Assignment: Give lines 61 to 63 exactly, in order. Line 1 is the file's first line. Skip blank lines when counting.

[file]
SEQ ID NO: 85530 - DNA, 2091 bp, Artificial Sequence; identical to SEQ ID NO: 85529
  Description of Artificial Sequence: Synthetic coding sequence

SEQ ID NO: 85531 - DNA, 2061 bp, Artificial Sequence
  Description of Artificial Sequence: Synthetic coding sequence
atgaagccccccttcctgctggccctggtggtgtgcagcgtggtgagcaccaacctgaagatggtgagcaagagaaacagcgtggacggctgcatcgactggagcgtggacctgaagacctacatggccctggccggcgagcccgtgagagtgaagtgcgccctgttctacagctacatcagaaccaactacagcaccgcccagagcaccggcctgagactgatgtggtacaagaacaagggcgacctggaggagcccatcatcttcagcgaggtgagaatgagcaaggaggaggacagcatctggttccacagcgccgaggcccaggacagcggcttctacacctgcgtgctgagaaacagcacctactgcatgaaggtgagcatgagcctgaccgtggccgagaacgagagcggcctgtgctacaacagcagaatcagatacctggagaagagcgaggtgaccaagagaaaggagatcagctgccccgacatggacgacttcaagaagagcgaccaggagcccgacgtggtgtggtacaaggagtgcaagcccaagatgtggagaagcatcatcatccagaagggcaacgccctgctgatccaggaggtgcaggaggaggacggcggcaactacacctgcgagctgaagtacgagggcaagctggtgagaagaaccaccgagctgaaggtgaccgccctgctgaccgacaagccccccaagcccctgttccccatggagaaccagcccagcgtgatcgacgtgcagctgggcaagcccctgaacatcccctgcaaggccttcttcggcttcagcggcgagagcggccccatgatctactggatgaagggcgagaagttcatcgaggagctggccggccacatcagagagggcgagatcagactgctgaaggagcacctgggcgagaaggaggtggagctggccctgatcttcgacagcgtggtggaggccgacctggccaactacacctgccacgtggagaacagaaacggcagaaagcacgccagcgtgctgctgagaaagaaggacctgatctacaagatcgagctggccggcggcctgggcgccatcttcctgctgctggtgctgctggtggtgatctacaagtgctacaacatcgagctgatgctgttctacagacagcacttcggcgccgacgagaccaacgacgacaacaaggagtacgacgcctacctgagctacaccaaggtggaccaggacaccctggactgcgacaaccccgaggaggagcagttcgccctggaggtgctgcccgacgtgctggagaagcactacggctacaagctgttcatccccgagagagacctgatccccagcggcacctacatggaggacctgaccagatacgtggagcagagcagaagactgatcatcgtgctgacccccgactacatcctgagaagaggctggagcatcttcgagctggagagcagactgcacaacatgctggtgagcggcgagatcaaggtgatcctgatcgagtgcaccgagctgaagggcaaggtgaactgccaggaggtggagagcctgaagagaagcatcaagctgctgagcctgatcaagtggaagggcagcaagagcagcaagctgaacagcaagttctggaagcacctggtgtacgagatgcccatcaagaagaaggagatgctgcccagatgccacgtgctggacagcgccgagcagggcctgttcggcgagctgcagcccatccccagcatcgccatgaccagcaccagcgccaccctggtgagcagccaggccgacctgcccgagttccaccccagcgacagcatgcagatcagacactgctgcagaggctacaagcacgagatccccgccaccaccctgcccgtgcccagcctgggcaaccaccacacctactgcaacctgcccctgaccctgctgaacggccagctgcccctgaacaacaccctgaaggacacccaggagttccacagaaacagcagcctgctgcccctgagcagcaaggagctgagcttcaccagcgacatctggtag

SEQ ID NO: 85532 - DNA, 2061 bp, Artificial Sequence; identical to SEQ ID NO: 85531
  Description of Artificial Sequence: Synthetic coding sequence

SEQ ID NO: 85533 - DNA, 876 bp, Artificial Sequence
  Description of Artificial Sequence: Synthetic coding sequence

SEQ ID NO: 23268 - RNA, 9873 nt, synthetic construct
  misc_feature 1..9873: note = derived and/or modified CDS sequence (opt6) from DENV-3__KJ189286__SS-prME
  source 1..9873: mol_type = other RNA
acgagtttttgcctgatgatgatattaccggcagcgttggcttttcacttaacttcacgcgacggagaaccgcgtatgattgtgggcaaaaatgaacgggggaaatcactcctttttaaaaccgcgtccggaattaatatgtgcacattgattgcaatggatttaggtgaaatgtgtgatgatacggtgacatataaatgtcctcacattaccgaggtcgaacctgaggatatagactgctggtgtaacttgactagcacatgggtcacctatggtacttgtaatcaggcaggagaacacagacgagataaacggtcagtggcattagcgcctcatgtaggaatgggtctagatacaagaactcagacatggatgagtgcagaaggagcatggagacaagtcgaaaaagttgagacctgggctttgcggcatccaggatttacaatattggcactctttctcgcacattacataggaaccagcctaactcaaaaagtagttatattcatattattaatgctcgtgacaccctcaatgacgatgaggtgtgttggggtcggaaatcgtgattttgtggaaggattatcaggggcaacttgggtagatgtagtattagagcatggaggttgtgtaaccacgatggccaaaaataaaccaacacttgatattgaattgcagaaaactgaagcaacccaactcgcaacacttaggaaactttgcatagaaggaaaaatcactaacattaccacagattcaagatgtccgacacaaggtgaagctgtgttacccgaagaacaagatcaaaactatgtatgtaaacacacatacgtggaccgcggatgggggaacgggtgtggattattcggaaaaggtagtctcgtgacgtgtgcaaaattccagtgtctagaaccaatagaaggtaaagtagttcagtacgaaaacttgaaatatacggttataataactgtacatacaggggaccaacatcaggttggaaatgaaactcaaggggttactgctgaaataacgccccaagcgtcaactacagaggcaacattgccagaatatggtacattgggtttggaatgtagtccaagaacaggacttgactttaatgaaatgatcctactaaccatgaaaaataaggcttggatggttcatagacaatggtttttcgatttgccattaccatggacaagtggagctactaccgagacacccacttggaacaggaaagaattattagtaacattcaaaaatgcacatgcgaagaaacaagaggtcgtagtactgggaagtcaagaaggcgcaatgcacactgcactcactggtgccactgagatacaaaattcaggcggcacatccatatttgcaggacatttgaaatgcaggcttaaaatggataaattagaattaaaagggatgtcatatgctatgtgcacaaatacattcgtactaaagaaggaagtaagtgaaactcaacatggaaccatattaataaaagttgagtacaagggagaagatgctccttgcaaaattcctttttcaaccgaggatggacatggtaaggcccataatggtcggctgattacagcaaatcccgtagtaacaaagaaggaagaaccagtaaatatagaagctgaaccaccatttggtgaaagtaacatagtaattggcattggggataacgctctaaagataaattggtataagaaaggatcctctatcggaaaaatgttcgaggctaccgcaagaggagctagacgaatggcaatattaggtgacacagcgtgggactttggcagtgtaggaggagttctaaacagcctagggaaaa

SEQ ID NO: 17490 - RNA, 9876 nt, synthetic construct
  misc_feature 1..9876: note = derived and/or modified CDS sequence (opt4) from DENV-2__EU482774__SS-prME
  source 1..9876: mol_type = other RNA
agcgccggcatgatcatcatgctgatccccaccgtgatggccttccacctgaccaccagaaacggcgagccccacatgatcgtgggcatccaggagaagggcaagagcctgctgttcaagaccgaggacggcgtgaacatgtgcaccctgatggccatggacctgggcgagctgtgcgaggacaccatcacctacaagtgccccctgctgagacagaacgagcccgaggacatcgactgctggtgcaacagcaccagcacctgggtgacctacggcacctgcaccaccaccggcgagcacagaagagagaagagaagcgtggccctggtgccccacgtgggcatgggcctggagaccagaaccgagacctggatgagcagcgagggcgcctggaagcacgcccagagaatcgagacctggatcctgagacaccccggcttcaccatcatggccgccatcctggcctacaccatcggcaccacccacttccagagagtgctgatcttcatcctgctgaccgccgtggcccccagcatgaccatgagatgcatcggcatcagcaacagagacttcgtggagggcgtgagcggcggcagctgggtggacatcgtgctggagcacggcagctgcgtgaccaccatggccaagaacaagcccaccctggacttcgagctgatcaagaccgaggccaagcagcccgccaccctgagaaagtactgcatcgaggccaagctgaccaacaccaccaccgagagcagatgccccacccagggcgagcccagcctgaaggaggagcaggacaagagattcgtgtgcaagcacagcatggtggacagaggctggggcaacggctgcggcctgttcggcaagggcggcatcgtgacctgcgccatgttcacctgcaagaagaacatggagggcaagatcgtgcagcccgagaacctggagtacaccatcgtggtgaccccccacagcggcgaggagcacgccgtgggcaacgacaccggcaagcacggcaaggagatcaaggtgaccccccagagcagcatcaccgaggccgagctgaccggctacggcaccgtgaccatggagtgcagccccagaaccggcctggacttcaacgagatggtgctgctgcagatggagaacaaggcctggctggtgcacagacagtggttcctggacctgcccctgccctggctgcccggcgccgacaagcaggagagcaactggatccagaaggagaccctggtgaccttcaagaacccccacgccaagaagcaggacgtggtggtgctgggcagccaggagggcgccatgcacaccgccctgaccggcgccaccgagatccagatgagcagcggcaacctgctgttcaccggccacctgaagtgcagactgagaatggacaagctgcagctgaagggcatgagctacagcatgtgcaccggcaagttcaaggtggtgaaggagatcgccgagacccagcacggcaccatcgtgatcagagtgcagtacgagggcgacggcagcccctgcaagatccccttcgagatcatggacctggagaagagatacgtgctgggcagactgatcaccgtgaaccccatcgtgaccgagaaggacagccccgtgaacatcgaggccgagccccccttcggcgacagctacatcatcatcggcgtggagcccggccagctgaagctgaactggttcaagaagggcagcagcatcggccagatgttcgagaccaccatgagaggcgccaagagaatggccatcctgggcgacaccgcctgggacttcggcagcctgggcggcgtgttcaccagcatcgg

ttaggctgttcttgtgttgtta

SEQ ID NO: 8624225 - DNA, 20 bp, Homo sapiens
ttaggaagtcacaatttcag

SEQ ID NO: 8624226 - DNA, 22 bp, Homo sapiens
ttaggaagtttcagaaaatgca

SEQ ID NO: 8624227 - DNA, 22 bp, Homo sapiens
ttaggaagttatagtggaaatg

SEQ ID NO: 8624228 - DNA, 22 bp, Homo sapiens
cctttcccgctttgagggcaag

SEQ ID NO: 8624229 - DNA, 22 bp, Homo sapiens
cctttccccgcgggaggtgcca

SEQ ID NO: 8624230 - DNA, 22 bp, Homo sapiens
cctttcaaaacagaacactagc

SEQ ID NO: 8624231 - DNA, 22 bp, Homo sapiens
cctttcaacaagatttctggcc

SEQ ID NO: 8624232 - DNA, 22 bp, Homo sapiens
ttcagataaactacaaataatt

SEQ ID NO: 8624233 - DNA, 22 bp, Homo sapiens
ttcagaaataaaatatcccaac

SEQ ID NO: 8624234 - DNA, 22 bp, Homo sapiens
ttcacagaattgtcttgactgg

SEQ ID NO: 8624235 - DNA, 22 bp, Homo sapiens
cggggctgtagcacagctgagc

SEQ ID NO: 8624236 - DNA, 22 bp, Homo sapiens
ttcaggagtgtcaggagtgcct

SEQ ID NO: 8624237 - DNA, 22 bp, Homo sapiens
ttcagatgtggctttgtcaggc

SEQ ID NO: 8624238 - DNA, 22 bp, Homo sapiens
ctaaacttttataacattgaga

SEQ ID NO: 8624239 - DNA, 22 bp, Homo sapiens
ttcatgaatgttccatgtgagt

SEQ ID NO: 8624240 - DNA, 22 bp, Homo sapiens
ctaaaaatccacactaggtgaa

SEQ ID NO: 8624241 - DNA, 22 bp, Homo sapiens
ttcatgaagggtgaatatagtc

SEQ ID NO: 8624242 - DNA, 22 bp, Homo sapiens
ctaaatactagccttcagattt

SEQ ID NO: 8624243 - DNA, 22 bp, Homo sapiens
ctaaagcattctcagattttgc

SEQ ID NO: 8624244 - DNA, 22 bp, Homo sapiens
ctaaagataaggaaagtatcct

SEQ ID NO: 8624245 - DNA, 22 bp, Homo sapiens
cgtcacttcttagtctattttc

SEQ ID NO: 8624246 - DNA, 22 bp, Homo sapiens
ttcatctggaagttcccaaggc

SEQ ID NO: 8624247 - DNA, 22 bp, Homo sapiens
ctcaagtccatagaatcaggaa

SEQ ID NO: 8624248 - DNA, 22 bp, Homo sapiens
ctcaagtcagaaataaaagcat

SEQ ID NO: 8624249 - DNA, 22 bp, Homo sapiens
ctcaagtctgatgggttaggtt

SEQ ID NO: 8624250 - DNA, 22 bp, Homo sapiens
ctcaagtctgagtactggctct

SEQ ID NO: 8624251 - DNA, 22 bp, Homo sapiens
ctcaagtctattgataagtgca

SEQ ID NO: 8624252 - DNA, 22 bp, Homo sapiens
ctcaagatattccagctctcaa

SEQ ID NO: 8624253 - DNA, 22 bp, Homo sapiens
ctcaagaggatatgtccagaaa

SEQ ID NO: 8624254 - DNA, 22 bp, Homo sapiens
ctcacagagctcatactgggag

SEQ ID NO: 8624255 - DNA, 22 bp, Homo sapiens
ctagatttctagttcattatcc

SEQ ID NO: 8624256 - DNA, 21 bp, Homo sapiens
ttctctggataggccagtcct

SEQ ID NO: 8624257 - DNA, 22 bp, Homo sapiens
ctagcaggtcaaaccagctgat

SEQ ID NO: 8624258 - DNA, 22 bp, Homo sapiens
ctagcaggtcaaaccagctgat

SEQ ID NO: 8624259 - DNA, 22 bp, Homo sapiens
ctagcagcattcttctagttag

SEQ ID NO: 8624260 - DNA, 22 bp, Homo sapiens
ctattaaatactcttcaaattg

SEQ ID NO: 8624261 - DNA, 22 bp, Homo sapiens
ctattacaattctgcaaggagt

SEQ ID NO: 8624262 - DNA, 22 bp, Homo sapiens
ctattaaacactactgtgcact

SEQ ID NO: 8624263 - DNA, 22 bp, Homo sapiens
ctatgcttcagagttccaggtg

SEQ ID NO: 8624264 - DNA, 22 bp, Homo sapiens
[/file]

SEQ ID NO: 8624246 - DNA, 22 bp, Homo sapiens
ttcatctggaagttcccaaggc

SEQ ID NO: 8624247 - DNA, 22 bp, Homo sapiens